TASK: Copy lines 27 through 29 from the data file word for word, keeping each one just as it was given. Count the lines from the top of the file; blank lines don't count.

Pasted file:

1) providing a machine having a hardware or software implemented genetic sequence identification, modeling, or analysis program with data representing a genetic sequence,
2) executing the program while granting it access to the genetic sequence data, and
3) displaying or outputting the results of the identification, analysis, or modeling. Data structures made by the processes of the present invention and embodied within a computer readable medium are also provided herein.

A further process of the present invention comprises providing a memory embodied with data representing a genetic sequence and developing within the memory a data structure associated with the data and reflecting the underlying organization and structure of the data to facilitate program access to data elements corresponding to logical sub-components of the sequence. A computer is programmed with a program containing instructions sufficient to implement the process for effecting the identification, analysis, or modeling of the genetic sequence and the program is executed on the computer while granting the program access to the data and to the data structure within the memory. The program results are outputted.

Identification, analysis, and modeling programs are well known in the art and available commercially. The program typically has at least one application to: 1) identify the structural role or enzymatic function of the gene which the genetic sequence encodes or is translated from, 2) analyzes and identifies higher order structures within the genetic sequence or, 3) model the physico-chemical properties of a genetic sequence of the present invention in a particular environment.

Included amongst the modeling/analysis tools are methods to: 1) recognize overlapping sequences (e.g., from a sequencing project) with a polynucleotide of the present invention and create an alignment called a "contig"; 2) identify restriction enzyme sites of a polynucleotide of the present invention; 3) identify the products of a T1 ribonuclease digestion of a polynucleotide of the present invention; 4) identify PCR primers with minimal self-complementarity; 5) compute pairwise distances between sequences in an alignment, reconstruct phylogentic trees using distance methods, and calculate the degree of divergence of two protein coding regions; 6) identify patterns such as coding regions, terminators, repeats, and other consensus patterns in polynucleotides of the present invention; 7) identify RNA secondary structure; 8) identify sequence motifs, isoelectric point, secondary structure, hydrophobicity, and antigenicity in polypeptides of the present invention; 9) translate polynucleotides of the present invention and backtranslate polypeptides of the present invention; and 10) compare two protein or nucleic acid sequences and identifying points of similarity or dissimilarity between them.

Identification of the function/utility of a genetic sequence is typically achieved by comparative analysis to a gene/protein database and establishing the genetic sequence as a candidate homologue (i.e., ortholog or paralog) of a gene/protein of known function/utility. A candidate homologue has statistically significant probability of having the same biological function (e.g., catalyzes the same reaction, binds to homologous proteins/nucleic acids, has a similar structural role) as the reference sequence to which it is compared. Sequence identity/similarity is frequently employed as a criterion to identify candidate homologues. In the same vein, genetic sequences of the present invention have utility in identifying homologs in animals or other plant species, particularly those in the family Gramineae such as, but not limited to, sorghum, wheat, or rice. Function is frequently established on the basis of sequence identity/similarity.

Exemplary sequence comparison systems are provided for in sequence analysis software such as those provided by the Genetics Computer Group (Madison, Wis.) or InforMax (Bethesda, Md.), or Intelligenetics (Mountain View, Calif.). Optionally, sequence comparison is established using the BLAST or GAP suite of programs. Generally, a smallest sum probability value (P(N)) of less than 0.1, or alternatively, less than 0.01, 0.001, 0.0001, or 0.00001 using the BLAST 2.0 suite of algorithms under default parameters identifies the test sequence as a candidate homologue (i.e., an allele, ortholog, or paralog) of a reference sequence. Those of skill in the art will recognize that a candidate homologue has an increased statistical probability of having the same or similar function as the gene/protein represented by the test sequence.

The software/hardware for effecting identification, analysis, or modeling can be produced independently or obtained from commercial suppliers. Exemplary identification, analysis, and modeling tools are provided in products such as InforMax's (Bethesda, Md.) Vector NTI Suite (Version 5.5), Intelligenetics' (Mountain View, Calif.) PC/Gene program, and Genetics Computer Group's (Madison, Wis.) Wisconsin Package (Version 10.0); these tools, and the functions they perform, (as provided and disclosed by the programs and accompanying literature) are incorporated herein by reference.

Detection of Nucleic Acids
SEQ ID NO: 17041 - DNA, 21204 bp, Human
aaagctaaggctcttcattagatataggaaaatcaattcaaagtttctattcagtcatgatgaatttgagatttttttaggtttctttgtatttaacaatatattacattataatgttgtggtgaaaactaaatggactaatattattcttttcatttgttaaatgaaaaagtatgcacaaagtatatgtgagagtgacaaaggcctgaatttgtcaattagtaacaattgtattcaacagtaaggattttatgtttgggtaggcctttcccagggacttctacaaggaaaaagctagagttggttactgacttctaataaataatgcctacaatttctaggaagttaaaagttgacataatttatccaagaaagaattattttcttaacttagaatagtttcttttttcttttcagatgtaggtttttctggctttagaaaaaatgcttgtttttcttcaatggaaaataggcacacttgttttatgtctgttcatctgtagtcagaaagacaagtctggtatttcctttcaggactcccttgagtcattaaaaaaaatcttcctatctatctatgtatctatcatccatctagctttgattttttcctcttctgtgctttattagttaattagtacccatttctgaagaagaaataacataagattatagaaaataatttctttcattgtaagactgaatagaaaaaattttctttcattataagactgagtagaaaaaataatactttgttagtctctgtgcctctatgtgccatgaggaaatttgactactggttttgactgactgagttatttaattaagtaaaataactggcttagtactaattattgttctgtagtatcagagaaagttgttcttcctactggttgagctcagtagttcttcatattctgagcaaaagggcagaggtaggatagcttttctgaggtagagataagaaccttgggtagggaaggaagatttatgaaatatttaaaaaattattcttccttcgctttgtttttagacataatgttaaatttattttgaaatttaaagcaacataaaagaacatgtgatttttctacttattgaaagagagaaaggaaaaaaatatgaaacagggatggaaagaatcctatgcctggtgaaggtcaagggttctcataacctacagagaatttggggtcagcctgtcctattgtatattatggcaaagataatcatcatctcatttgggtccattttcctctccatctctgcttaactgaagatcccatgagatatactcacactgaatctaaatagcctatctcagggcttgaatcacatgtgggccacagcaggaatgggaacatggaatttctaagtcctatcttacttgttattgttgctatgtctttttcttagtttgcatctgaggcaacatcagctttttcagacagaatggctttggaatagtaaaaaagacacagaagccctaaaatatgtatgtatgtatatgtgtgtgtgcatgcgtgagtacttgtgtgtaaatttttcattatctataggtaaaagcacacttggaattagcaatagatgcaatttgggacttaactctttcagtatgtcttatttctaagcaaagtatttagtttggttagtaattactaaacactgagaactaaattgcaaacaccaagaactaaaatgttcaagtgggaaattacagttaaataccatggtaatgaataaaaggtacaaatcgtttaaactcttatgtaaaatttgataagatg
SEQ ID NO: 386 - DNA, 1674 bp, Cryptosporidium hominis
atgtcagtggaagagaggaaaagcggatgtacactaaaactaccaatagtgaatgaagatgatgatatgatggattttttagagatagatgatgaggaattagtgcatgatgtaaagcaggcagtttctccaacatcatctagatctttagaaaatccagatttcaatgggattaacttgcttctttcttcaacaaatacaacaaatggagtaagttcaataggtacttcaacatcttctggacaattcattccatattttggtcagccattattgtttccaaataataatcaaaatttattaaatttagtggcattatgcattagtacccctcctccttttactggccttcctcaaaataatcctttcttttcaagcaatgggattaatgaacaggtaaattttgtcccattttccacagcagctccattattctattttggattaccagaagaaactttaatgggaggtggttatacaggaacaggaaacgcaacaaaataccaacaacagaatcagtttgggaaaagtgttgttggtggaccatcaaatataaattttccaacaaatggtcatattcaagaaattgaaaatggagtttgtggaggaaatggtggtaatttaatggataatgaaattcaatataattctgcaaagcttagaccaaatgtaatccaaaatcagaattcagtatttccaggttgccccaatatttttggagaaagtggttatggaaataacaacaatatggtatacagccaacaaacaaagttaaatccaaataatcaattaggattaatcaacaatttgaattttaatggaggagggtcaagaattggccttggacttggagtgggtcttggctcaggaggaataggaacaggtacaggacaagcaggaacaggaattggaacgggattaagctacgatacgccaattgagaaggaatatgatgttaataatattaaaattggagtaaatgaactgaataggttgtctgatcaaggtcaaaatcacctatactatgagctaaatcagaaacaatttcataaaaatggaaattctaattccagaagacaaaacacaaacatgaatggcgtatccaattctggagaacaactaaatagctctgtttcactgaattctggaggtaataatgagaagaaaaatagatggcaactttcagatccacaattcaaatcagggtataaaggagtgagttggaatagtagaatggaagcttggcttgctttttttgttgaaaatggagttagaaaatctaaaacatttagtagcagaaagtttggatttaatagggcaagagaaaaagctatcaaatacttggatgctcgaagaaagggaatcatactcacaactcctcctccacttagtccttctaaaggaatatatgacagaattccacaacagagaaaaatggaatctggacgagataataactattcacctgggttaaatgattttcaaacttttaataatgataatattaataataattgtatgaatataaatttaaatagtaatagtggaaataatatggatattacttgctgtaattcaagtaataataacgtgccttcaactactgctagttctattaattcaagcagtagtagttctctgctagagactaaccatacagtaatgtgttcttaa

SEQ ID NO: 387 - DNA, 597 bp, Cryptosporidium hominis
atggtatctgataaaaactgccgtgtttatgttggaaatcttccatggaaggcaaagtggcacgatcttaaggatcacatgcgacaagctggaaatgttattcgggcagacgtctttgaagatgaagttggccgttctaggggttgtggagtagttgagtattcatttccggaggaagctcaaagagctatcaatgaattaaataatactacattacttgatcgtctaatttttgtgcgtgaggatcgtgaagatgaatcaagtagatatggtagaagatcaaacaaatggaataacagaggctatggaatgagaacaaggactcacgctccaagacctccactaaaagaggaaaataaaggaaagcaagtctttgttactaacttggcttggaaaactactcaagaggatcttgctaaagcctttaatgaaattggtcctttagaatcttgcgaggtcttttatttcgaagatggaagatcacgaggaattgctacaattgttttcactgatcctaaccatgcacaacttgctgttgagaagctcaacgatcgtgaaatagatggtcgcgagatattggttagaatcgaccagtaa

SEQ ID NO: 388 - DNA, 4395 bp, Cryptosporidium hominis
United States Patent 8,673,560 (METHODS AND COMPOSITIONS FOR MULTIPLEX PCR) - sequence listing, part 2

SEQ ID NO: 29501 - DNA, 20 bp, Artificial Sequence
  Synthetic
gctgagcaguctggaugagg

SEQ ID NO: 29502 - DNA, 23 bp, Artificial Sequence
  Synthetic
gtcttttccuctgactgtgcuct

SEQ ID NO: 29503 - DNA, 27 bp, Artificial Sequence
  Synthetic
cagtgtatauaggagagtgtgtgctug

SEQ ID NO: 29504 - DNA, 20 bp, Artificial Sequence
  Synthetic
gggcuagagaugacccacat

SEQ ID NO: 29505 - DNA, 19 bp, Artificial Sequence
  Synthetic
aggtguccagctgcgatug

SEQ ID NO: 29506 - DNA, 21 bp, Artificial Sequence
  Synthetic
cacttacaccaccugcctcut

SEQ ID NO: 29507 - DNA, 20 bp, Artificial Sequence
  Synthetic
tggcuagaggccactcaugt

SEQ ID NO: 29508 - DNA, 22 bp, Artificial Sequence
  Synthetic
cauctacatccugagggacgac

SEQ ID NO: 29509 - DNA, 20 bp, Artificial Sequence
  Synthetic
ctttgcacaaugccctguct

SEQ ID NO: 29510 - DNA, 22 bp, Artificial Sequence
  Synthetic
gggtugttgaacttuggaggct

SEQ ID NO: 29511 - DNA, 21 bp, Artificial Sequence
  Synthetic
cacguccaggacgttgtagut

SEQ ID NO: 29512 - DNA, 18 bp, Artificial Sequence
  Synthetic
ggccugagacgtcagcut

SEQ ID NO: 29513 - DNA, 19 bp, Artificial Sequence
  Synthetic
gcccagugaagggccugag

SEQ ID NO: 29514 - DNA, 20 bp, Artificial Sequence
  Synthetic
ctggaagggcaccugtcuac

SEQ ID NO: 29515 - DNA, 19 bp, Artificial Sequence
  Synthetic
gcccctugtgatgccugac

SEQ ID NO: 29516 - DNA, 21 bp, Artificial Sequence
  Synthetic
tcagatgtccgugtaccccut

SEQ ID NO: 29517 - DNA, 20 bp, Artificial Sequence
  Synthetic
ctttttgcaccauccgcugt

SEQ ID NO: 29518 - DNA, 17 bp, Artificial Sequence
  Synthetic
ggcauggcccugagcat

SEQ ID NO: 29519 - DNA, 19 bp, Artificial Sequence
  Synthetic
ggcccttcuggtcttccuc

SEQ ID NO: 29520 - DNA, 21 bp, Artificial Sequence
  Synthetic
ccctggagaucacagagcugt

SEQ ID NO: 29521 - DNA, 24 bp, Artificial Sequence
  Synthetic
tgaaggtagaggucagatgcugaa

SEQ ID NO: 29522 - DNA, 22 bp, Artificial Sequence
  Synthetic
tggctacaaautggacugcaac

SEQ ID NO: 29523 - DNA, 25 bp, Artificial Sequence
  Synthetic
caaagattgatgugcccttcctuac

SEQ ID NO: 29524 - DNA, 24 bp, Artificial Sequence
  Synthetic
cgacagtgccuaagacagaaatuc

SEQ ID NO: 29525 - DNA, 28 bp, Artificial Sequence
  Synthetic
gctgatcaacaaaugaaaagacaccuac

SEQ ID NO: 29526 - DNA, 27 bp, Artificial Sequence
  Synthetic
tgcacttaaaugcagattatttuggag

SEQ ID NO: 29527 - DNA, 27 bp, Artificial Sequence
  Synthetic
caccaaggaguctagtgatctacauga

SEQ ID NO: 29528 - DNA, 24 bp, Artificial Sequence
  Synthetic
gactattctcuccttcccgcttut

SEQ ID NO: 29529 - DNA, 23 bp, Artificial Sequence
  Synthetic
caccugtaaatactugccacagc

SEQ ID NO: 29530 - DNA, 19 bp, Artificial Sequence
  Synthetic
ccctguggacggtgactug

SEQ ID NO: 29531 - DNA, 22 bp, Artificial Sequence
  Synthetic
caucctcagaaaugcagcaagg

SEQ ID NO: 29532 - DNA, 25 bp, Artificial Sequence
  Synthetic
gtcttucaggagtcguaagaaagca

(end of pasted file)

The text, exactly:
cagtgtatauaggagagtgtgtgctug

SEQ ID NO: 29504 - DNA, 20 bp, Artificial Sequence
  Synthetic